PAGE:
The Cubs have been in negotiations with the rooftop owners across Sheffield Avenue for some time. The subject: the Cubs’ massive Wrigley Field renovation in general and the team’s plan to put up a big billboard in right field in particular. A billboard which will — according to the rooftop owners — alter and/or block the view from the rooftops across Sheffield.
Those negotiations have fallen through, however, the rooftop owners have sued the Cubs and it seems like everyone is going to head to court. It’s possible that the rooftop owners could seek injunctive relief to stop the project and, in turn, hold up the Wrigley renovation itself. Into that mix are allegations going back and forth about disparaging remarks about the rooftops owners made by Cubs Chairman Tom Ricketts and other, older comments from Cubs’ previous owners. All of that background can be read at the Sun-Times.
Of course, the reason the Cubs can’t just put up a sign and tell the rooftop people to go pound sand is that they signed agreements with these folks several years ago in which the team agreed to take 17 percent of the revenues the building owners receive by virtue of letting folks peek in on Cubs games from across the street. In exchange, the Cubs made certain promises to the rooftop owners too, including not doing things like putting up big things to obstruct the view.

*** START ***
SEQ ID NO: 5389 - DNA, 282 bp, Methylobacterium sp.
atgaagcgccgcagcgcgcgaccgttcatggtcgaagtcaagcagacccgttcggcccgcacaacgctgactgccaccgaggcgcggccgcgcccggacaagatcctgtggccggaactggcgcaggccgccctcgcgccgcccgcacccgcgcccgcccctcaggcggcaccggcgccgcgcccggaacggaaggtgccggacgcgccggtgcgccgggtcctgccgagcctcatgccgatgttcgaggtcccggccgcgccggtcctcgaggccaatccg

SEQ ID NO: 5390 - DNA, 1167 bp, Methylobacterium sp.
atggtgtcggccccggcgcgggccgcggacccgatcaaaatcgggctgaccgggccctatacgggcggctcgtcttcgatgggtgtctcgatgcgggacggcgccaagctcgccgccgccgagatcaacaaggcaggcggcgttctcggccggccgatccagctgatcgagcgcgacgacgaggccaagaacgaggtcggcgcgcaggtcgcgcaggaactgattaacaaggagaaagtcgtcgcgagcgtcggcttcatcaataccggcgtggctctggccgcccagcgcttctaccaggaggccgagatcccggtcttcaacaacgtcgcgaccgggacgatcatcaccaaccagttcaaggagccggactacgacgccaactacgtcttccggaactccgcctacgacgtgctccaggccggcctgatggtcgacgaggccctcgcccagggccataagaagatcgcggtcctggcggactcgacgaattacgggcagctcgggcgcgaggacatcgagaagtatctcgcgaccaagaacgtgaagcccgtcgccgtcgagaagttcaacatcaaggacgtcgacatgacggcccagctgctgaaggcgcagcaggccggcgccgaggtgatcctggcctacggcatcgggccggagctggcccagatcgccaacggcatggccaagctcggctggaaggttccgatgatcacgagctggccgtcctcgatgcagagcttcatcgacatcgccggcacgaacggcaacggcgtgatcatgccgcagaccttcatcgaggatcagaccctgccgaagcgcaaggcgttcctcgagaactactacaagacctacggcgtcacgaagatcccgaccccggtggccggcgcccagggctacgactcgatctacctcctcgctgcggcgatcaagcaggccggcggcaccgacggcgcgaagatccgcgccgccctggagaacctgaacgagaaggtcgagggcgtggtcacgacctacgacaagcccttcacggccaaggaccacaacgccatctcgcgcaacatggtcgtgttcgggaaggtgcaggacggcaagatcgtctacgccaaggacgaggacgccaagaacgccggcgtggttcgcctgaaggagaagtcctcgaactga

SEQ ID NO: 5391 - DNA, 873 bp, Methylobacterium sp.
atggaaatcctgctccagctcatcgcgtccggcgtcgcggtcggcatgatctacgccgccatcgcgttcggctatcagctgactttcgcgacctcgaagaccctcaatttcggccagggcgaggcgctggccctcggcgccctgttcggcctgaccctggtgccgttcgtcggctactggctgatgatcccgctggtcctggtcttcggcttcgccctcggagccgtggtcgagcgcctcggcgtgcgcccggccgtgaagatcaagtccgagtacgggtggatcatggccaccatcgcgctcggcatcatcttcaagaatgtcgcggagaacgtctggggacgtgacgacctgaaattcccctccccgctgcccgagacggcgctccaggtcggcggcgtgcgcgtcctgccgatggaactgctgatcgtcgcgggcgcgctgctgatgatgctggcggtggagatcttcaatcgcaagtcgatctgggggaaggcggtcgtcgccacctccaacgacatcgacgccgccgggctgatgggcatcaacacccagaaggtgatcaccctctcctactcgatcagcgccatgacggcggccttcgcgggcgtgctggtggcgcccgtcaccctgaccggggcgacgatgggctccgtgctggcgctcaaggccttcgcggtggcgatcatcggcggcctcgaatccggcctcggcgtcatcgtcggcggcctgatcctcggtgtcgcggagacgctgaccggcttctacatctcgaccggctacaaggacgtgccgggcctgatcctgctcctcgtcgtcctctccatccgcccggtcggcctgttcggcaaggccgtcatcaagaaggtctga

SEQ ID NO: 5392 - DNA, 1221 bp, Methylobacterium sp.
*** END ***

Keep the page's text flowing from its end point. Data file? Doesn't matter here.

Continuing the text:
Why the Cubs ever agreed to that is a darn good question. I suppose it was a good short term decision — hey, we need a piece of that action! — but it was a decision that limited the team’s rights, and that’s what they’re up against now.
We now have photographic proof that Tom Ricketts and Ted Cruz are different people
A lot of people think they have a double walking around someplace on Earth. They may actually be right. We have an example of this in baseball and politics.
Cubs owner Tom Ricketts looks a lot like Texas senator Ted Cruz. Or, since Ricketts is older, I guess Cruz looks like Ricketts. Either way, they could play brothers if someone put on, like, the worst ever production of some play about brothers.
If you’re not familiar with one or both of those guys, take a gander at the photo that was taken of the two of them in Washington this morning as the Cubs made the rounds with their World Series trophy:
Referring to Willson Contreras, of course, who has allowed 31 stolen bases to opponents while behind the dish. Coincidentally, Montero has allowed 31 stolen bases when he has played as well. Contreras has played in 24 more games than Montero, by the way.
I predict that, by around 3pm when the clubhouses open, we’ll see a public apology by Montero.